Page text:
Kennedy also says that when he and his wife swim in the Audrey Moore pool, they have to compete for space with master swim classes, synchronized swimming groups, and high school teams. While those groups come in early in the morning, they often overstay their allotted time periods. The locker rooms are overcrowded, too, and sometimes people have to wait 15 minutes for a shower, he says.

Keith Peyton, a front desk volunteer who also manages the racquetball program and helped with the friends group, says Audrey Moore could use a childcare center so parents can work out while their children play, more racquetball courts, heavy glass doors on the courts so people waiting can watch the play, a second smaller gym with more space for volleyball and an indoor running track, a beach pool, a hot tub, new locker rooms, a teen center, and a room for family movie nights.

The Oak Marr pool has a beach area and hot tub.
Newer Fairfax County recreation centers have many of those features. The Oak Marr RECenter in Oakton and Spring Hill RECenter in McLean have undergone major renovations recently, and those centers present a good illustration of how Audrey Moore could be transformed.

Oak Marr, originally built in 1988 as an aquatic center, has a heated pool with a beach area and diving complex. When it was renovated and expanded, says director Kirt Chase, improvements included a large two-story, 5,000-square foot fitness area with a separate weight room; a large supervised babysitting area; three new activity rooms (a dance studio also used for aerobics and gymnastics, a spin room, and a mind and body room), a new lobby area, a supervised childcare room, and lots of natural light. The center won a design award in 2015.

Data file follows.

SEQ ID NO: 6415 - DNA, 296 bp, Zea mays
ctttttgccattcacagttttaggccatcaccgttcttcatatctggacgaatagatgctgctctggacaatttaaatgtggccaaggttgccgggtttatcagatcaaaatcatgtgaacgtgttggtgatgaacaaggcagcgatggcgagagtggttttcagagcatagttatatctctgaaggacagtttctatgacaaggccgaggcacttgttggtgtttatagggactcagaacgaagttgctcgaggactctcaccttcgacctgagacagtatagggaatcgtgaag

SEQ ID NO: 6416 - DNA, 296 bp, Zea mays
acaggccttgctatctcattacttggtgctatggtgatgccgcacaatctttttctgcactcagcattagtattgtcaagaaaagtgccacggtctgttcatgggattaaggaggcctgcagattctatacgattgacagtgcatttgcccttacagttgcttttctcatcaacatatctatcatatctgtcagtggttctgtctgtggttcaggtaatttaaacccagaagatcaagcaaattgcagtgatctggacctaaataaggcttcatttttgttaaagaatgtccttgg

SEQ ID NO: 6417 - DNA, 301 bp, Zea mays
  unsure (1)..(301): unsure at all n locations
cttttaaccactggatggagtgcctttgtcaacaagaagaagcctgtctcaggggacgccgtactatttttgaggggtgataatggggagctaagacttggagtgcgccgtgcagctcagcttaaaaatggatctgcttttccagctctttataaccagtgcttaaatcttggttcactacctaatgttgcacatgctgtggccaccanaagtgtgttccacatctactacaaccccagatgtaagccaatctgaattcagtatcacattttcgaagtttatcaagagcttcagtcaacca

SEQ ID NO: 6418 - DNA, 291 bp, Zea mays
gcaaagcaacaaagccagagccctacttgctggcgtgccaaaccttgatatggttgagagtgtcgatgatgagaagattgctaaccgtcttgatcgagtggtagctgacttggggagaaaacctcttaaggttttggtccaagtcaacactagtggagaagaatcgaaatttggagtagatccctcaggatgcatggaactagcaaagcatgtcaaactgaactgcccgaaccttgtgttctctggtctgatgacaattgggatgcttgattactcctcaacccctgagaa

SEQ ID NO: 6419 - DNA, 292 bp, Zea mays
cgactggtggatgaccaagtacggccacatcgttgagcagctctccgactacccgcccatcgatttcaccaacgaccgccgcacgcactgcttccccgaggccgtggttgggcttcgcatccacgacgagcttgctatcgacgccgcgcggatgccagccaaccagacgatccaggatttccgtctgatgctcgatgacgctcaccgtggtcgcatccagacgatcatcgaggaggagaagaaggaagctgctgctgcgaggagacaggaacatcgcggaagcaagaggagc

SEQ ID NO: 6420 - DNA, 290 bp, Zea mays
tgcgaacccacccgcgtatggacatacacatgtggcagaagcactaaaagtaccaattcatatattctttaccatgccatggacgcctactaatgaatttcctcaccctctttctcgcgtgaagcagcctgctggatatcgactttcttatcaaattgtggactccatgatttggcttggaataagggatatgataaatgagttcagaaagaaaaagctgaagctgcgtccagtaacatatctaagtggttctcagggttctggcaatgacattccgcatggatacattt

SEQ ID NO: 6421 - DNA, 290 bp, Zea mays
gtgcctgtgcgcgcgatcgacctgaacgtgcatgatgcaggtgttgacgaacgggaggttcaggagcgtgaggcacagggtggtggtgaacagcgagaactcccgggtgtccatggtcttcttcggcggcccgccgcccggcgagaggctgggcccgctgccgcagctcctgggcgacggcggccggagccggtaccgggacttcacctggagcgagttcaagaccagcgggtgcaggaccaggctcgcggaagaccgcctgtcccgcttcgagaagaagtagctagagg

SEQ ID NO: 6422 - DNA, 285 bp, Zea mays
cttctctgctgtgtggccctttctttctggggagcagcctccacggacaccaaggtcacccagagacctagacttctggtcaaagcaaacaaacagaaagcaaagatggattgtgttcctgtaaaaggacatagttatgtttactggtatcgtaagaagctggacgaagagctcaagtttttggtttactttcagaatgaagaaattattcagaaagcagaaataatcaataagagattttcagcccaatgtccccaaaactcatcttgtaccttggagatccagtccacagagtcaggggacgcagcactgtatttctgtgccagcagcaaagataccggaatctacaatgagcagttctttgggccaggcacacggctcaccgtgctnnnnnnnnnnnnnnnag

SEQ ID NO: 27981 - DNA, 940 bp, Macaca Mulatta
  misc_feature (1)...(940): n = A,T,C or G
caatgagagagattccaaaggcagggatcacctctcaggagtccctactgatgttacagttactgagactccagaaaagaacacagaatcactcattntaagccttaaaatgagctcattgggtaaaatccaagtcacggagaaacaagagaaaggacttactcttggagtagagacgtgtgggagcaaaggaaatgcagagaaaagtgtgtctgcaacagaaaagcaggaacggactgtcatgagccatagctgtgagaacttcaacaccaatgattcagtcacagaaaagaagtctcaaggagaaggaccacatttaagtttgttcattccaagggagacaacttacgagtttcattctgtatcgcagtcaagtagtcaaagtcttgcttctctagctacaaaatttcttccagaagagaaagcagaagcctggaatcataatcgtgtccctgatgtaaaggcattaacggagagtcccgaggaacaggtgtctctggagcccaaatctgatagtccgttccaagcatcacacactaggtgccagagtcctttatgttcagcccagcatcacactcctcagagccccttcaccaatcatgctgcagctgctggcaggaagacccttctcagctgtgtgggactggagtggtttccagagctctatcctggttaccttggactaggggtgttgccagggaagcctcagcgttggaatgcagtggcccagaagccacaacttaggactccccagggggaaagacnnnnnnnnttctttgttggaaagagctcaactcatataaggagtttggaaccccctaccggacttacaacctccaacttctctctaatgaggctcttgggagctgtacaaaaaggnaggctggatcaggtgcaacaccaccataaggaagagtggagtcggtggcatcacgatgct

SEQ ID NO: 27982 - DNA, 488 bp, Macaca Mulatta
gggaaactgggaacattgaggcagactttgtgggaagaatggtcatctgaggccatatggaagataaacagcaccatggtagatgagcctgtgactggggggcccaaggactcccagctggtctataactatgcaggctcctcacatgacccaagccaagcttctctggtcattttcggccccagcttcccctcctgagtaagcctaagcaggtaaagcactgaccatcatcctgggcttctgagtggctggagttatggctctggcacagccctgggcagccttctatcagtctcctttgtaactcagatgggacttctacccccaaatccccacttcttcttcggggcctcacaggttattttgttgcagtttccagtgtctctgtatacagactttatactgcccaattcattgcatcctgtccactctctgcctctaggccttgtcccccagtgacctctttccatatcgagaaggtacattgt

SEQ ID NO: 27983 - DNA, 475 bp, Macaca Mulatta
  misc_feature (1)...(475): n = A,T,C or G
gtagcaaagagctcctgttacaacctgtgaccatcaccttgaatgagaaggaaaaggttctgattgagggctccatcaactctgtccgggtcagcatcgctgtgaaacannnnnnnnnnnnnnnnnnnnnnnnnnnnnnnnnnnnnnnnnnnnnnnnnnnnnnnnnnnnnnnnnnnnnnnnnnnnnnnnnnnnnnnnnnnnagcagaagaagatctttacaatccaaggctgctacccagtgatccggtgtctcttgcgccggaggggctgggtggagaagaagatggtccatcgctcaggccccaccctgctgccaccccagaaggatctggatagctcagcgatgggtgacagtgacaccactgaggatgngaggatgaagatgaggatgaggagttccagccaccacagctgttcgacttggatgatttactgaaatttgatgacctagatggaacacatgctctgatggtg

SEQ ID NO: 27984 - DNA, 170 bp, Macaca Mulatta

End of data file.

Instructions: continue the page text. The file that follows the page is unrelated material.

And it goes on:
If the Audrey Moore renovation is not included in the 2016 bond, it will be put off until the next park bond cycle in 2020-21.

When approaching the park board, Kennedy says, rather than presenting a list of specifics, he plans to let the board know that “the friends group has determined there are deficiencies in the rec center as it has aged through the years and improvements are needed to maintain its viability.”

The 2016 park bond calls for $20 million for renovations at the Mount Vernon RECenter, which is newer than Audrey Moore, but does need an upgrade.

Among other proposals considered for the park bond are these projects in the Annandale/Mason area:
  • $2 million for Hogge Park in Bailey’s Crossroads for a pavilion, sport court, playground, outdoor fitness, community gardens, parking, an entrance, and trails.
  • $1.4 million for Annandale Community Park, to include renovations at the Hidden Oaks Nature Center, picnic shelter replacements, new playground equipment, and lighting.
  • $200,000 for renovations at Backlick Park for picnic shelters, playground equipment, and lighting.
  • $1.5 million for improvements at Roundtree Park, including a new picnic shelter, road resurfacing, and replacing two bridges.
  • $1.5 million for improvements at Lake Accotink Park.
Countywide projects for trail, athletic field, and environmental improvements also include some parks in the Annandale/Mason area.

1 comment:

  1. Ellie - this is a great article. You are spot on that the public needs to let their reps know how important AMRC is or it will not see any renovations till the next bond cycle in 2020/21.